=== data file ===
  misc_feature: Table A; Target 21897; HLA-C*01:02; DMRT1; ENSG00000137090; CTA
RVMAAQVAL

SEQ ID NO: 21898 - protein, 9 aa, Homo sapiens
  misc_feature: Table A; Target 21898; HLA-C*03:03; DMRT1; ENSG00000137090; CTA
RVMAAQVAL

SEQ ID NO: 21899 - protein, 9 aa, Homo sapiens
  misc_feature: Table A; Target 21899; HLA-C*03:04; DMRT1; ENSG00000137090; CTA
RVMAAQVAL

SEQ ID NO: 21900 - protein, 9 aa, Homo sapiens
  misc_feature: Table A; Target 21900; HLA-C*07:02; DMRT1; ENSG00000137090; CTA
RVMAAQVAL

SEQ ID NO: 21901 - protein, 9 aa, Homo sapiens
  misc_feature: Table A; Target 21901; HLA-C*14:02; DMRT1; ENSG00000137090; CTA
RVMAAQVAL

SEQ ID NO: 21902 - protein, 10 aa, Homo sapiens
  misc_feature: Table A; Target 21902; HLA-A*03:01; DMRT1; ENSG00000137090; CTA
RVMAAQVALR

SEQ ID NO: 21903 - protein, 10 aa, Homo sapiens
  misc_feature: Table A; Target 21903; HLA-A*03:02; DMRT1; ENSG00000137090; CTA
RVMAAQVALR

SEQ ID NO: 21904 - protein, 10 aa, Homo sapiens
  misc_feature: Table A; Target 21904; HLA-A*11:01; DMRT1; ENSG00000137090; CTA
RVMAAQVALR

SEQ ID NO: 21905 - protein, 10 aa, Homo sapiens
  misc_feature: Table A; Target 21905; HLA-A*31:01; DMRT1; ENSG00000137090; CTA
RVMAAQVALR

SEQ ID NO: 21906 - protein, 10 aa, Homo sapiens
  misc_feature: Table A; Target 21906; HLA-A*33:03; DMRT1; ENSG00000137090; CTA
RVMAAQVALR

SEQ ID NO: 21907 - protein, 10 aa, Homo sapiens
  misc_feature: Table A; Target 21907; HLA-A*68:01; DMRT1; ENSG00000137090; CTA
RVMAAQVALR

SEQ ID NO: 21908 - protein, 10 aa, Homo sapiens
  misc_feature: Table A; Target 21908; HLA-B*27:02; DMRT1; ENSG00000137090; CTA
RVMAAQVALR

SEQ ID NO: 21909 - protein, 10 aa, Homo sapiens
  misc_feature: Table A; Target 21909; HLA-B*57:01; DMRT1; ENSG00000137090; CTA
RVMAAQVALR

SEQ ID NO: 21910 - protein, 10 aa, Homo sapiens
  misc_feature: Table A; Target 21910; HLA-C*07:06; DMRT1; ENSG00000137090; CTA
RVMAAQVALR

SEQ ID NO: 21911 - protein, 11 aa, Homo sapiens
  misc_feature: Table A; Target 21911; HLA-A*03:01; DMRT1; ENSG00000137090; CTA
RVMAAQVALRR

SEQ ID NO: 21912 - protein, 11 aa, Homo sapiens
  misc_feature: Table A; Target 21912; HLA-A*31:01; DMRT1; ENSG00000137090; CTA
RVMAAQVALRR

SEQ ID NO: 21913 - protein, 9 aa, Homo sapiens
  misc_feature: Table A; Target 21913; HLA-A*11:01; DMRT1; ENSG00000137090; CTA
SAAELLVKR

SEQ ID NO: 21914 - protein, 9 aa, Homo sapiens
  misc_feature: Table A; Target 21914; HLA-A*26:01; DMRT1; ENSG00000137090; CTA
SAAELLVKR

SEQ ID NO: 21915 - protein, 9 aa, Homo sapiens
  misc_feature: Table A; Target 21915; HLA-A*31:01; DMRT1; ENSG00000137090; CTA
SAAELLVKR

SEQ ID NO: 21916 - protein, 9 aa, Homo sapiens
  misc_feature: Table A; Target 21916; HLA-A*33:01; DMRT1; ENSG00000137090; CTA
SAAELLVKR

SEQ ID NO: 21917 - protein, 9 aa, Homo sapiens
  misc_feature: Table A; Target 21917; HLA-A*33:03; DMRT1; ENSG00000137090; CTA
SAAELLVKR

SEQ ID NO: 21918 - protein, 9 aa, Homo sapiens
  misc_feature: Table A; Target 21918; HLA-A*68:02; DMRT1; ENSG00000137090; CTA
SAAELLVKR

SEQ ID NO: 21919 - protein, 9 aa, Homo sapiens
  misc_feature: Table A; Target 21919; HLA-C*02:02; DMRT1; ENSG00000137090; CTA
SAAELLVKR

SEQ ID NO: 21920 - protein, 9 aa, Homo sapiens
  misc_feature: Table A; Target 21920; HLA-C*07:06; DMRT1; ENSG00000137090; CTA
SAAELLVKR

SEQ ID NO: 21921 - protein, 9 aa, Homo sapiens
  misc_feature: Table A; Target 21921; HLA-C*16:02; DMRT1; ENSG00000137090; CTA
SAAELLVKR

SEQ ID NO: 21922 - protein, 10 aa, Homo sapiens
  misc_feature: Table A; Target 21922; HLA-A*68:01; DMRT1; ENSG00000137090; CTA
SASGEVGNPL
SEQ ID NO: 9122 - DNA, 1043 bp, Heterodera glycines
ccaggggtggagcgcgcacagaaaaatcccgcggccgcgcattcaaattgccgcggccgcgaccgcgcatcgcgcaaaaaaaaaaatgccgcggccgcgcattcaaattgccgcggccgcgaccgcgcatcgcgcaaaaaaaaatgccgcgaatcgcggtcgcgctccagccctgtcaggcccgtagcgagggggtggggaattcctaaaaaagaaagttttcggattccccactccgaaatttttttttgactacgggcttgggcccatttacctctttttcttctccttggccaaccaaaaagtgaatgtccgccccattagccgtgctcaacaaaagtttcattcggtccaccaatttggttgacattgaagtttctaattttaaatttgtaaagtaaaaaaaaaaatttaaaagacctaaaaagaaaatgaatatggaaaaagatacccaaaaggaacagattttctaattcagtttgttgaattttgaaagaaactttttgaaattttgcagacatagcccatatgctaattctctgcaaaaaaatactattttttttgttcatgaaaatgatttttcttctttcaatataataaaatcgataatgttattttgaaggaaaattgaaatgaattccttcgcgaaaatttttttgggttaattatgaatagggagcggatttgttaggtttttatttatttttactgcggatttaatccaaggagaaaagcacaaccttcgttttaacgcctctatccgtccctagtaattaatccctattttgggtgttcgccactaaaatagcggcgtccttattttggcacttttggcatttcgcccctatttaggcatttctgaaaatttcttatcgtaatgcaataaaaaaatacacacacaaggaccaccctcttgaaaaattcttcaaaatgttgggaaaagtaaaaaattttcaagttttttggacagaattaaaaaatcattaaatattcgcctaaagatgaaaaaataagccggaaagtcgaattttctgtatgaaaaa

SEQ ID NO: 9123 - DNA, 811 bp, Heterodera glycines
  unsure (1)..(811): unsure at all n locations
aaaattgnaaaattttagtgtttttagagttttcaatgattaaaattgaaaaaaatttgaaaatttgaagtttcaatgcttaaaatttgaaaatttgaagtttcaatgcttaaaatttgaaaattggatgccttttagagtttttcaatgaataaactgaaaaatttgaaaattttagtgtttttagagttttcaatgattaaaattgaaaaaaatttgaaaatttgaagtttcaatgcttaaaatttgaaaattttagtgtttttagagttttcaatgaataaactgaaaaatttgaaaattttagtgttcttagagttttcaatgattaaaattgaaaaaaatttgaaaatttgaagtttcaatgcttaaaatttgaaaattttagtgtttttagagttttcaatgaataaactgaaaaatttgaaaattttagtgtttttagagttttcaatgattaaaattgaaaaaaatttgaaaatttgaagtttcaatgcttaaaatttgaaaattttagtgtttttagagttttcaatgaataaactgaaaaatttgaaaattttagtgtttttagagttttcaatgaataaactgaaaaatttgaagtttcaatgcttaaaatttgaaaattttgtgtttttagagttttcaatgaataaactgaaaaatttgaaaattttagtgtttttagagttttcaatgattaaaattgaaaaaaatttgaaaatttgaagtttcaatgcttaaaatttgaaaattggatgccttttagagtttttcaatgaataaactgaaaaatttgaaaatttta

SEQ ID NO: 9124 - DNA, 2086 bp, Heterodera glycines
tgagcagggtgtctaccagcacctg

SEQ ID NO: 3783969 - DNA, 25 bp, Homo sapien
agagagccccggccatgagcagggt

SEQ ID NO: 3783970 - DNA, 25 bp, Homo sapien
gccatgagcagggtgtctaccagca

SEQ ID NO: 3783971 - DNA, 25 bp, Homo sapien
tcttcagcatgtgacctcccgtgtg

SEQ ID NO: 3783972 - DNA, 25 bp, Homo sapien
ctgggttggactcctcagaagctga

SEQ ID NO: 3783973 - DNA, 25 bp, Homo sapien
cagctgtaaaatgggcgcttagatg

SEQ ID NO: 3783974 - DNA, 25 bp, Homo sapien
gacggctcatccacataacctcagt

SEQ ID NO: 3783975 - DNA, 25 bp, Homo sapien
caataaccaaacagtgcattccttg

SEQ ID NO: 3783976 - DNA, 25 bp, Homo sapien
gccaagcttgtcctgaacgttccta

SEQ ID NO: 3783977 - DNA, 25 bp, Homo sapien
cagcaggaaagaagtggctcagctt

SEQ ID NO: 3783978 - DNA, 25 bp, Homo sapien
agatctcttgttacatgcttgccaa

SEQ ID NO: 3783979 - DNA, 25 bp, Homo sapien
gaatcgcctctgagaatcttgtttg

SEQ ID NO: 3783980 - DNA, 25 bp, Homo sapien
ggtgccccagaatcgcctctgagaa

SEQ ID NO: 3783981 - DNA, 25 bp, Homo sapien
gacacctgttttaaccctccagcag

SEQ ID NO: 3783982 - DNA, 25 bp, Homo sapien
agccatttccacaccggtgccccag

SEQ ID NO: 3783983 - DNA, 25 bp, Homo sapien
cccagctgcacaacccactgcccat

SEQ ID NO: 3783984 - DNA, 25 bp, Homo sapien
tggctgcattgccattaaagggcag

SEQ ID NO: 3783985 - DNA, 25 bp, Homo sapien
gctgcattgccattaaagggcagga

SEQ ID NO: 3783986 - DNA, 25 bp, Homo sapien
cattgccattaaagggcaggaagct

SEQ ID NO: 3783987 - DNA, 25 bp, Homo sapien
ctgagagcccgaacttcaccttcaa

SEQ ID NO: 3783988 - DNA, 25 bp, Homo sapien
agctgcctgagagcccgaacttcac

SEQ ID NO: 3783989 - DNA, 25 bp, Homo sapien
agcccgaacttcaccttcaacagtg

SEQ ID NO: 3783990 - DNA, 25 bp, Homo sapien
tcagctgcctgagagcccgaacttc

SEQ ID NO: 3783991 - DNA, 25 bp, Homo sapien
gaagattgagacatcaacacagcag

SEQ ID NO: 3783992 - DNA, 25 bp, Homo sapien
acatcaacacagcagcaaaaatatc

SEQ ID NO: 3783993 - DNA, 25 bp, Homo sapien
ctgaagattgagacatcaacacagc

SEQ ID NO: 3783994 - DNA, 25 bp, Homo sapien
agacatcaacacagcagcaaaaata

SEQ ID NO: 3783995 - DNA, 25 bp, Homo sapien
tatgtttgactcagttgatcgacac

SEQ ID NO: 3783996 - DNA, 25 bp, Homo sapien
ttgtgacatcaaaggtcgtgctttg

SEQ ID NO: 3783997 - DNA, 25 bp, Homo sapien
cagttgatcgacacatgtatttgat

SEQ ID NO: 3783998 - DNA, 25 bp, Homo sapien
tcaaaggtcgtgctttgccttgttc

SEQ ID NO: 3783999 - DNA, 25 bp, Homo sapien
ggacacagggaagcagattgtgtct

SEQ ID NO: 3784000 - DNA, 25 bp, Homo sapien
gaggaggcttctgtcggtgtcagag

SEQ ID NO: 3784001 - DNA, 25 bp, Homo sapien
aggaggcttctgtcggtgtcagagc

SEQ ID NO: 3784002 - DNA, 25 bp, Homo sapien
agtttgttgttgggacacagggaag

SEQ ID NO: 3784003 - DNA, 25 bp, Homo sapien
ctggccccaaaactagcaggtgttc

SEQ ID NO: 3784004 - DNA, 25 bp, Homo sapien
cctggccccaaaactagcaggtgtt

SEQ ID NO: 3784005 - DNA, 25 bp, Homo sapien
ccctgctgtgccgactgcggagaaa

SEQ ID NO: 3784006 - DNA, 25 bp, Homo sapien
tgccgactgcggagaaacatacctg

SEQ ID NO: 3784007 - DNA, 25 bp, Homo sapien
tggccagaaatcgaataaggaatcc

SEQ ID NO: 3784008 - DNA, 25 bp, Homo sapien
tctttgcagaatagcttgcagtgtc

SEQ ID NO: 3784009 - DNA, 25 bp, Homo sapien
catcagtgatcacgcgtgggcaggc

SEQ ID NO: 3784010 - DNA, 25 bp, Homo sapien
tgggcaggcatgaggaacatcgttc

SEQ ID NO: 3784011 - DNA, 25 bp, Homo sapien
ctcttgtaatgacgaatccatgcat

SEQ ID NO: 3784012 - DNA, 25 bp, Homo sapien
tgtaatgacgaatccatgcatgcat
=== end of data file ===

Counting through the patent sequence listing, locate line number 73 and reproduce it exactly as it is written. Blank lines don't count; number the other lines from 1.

  misc_feature: Table A; Target 21921; HLA-C*16:02; DMRT1; ENSG00000137090; CTA